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Museums on the Syllabus

It didn’t take long for Melissa McCormick, Harvard College Professor and Professor of Japanese Art and Culture, to incorporate the Harvard Art Museums collections into her teaching. Just one day after the new museums’ official opening, McCormick brought 25 students to Japanese Genre Painting, an installation organized for her Introduction to Japanese Art course.

“Everything we’ve been talking about all semester is on display right now,” McCormick said. “It’s fantastic.”

McCormick is among the professors currently using the museums’ University Galleries, designed to support curricular goals and to encourage curatorial experimentation. These 1,000-square-foot spaces on Level 3—the University Teaching Gallery, University Study Gallery, and University Research Gallery—advance innovative teaching and learning from original works of art. The exhibitions in these flexible areas could be on view for a week, a semester, or longer, depending on course needs. A fourth space, the 250-square-foot University Collections Gallery on Level 2, provides a setting for art from other university collections; the first display features African objects from the Peabody Museum of Archaeology and Ethnography.

Japanese Genre Painting will be shown until the end of the spring semester. McCormick and Professor Yukio Lippit, who teaches history of art and architecture, collaborated with Melissa Moy, the museums’ Alan J. Dworsky Associate Curator of Chinese Art, to organize the installation. Lippit will refer his students to the exhibition for two of his spring courses, The Japanese Woodblock Print and Japanese Genre Painting.

The exhibition showcases seven works—five folding screens and two hanging scrolls—from the recently promised collection of Robert and Betsy Feinberg. These objects show the influence of Western perspectives on Japanese art of the Edo period (1600–1868)—a time when European explorers introduced new principles in composition, such as the use of a horizon line.

“I’ve been priming the students all semester for this moment,” McCormick said, noting that her class will also study objects in the Asian galleries on Level 2, and may visit the Art Study Center to view even more works. “It’s wonderful that we have that option,” she said.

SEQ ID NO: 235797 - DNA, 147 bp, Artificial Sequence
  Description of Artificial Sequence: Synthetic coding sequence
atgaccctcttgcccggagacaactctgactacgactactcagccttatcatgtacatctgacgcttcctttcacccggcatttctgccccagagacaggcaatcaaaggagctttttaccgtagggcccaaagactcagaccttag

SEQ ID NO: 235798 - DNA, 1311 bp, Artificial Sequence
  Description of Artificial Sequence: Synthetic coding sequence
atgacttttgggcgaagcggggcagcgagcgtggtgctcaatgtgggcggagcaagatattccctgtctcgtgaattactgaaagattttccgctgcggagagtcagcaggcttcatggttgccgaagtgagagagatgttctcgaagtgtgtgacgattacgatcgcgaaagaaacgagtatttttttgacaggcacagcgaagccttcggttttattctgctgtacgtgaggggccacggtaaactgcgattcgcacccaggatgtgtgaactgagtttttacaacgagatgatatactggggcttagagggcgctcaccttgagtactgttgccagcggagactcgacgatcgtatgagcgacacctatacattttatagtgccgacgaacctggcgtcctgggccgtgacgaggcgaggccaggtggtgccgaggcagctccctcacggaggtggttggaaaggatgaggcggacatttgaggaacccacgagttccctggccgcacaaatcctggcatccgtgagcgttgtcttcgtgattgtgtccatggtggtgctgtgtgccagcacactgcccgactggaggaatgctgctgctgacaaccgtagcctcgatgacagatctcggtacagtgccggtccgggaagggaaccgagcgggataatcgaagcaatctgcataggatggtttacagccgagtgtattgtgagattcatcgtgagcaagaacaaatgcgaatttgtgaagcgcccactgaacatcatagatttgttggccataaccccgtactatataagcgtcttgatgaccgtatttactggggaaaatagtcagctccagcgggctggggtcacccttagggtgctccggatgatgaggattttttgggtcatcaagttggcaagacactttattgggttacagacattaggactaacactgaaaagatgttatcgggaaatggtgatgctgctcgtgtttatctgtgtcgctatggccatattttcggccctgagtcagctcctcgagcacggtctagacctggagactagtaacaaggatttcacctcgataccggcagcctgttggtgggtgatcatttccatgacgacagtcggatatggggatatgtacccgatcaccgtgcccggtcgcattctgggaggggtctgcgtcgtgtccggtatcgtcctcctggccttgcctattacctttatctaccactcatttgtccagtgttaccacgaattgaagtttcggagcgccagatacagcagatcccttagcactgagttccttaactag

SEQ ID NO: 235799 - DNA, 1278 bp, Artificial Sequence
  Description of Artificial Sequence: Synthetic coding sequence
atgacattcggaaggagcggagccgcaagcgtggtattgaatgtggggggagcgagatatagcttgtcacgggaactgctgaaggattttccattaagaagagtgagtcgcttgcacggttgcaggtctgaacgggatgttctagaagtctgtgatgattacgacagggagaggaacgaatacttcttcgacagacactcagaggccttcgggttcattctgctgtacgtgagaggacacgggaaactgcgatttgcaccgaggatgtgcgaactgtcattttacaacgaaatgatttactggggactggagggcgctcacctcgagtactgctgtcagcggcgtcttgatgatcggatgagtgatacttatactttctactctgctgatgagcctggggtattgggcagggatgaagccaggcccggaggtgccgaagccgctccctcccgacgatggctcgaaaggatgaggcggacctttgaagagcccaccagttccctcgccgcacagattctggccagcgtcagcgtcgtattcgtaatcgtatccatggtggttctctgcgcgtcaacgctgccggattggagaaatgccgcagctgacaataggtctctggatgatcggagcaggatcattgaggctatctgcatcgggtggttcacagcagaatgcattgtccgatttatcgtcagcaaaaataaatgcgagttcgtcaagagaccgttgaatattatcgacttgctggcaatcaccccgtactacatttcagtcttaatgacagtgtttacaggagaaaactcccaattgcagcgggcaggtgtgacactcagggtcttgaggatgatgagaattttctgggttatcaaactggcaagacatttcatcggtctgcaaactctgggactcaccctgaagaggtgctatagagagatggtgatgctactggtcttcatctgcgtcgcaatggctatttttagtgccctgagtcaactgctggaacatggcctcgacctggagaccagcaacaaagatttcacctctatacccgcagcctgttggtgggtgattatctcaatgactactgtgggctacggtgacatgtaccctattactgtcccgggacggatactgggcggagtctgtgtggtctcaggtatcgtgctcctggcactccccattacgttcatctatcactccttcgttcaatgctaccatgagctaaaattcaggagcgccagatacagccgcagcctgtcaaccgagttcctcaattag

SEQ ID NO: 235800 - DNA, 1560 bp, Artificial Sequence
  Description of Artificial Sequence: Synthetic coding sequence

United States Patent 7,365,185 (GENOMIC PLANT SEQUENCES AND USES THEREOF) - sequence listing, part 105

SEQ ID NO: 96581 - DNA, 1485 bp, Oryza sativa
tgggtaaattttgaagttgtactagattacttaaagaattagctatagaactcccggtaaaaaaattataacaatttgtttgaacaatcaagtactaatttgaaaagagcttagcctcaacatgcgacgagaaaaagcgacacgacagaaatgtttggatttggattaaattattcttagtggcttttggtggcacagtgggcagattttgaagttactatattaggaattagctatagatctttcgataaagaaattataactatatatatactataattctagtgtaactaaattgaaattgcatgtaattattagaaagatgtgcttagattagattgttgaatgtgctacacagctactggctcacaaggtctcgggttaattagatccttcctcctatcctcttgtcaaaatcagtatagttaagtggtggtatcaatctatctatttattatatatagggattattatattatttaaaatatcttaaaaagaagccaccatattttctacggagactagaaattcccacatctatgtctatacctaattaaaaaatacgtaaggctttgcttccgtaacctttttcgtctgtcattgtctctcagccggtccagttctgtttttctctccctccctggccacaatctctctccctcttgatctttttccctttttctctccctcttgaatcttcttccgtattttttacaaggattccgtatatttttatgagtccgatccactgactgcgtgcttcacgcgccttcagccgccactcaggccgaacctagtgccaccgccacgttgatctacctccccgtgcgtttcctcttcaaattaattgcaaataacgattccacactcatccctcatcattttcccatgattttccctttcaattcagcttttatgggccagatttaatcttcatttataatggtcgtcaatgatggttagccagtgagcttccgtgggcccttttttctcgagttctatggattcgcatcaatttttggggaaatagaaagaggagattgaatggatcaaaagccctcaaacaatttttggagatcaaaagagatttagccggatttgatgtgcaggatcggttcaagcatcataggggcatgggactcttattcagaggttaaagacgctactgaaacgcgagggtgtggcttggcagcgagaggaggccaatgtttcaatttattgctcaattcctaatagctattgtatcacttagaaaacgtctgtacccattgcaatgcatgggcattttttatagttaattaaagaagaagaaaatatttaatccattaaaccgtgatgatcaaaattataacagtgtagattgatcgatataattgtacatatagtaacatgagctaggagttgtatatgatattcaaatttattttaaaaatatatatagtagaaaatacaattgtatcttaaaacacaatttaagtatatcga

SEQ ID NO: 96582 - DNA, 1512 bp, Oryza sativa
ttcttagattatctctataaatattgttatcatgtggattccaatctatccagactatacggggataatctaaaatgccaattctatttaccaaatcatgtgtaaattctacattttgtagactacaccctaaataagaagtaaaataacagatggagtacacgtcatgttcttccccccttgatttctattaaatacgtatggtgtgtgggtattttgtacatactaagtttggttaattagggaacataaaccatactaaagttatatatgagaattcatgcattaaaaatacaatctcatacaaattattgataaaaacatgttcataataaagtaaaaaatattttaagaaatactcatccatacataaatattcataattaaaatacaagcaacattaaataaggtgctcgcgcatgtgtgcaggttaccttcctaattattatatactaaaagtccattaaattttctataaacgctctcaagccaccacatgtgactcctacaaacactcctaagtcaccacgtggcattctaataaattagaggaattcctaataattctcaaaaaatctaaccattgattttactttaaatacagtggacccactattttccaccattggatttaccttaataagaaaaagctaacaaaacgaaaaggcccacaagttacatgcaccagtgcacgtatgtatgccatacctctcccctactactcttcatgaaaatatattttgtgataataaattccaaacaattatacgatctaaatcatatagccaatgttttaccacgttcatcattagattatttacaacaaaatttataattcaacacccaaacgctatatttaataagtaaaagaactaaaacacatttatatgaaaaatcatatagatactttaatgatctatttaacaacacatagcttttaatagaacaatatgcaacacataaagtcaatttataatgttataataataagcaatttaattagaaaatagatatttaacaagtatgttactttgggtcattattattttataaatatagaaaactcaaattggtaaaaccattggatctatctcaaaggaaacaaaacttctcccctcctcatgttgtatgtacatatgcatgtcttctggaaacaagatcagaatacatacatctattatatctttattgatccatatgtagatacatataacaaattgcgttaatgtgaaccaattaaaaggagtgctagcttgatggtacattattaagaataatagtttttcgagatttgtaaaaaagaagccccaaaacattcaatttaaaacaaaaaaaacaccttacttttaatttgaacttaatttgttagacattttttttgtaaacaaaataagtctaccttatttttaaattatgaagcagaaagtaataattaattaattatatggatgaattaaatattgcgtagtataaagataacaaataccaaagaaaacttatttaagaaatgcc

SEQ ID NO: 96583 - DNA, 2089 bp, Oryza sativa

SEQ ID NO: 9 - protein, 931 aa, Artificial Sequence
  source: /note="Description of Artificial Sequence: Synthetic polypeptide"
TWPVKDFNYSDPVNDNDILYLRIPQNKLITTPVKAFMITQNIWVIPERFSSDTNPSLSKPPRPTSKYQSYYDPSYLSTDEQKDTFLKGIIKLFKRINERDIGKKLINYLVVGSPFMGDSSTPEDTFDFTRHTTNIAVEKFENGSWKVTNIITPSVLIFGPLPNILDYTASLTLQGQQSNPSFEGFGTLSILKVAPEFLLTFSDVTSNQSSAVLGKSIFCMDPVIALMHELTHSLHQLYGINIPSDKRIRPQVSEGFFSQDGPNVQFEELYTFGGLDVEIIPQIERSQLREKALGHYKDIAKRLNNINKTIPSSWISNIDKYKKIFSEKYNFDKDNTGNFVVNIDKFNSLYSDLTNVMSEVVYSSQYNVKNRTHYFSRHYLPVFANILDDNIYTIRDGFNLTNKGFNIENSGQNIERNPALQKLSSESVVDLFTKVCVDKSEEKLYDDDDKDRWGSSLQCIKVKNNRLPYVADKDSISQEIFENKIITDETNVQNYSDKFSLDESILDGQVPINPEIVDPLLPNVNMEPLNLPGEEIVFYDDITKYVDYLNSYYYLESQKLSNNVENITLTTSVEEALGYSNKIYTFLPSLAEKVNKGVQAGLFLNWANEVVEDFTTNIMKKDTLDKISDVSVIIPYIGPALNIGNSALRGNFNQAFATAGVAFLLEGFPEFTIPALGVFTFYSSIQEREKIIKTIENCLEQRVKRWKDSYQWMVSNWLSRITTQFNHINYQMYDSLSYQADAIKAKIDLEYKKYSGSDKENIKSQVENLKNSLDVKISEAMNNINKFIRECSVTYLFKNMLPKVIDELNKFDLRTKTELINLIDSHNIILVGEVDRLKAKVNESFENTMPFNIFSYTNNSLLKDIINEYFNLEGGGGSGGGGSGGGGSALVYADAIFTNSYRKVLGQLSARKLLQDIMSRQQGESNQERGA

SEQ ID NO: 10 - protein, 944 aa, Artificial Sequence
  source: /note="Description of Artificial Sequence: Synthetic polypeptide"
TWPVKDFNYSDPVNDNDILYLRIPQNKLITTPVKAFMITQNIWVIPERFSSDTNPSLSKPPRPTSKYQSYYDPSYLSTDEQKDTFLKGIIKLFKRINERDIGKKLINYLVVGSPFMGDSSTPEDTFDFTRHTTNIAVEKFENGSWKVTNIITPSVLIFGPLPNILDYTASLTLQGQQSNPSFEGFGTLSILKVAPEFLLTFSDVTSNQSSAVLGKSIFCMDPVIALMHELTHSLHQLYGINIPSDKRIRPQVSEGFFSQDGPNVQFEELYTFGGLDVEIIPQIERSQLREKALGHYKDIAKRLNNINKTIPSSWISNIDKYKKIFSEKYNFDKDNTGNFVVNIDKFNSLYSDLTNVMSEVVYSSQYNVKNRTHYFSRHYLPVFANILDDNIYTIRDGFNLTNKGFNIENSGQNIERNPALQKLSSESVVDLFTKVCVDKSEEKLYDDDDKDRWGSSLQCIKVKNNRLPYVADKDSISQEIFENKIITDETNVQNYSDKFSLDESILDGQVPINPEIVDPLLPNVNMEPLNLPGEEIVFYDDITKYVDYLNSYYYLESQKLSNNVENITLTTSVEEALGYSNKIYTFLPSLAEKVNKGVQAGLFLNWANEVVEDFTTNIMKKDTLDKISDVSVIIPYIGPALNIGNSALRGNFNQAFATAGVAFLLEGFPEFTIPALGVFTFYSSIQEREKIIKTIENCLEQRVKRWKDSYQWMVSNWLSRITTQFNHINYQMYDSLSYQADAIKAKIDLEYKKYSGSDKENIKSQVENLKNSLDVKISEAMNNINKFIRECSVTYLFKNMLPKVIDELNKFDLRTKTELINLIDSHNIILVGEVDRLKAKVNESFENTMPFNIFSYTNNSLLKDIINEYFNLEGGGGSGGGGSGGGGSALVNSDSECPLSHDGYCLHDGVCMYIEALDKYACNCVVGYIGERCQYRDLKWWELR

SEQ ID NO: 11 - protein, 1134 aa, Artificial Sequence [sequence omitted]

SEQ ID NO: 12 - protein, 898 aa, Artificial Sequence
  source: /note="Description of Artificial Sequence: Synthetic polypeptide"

Sharing the other half of the space in the University Teaching Gallery is World’s Fairs, an exhibition organized by Suzanne Blier, the Allen Whitehill Clowes Chair of Fine Arts and of African and African American Studies. Featuring photographs, prints, etchings, and other objects drawn from the museums’ collections, the installation supports her course of the same name. The multimedia display is “another form of engaging with knowledge; it really offers critical insight,” said Blier.

The nearby University Study Gallery serves multiple professors and students and includes smaller displays that may change frequently. The inaugural configuration supports 10 courses in disciplines as diverse as music, ethics, and physics. Participating professors may ask students to examine individual works in the gallery as part of “looking assignments.”

Peter Burgard, a professor of German, is using the space to display four works that relate to topics in his spring course on Repression and Expression: Sexuality, Gender, and Language in Fin-de-siècle Literature and Art. The works include Untitled (1918), a watercolor by Wassily Kandinsky, and Edvard Munch’s arresting 1901 lithograph The Sin. Burgard plans to bring his class to both the University Study Gallery and the Art Study Center during the semester. “I’ve taught with art before, but it’s never been this integrated,” he said. “I’m pretty excited.”

The enthusiasm is contagious. Visiting the museums during an opening event for faculty, a number of other professors shared hopes of using the collections in new ways. Naomi Weiss, assistant professor of the classics, said she would like to create a display in the University Galleries for her courses Music and the Musical Imaginary in Archaic and Classical Greece and The Construction of Gender and Sexuality in Ancient Greece. “I quite regularly show images of Greek vases depicting musicality,” Weiss said, “but to be able to give access to the actual objects would be amazing.”


  • 01 Edvard Munch, The Sin, 1901. Print. Harvard Art Museums//Fogg Museum, Gift of Lynn G. Straus in memory of Philip A. Straus, 2012.270. © The Munch Museum/The Munch-Ellingsen Group/Artists Rights Society (ARS), NY.
  • 02 Wassily Kandinsky, Untitled, 1918. Watercolor, black ink, and graphite traces on off-white wove paper. Harvard Art Museums/Busch-Reisinger Museum, Anonymous gift in memory of Curt Valentin, BR56.50. © Artists Rights Society (ARS), New York/ADAGP, Paris.
  • 03 Harvard faculty gather in the University Study Gallery during an opening event last month.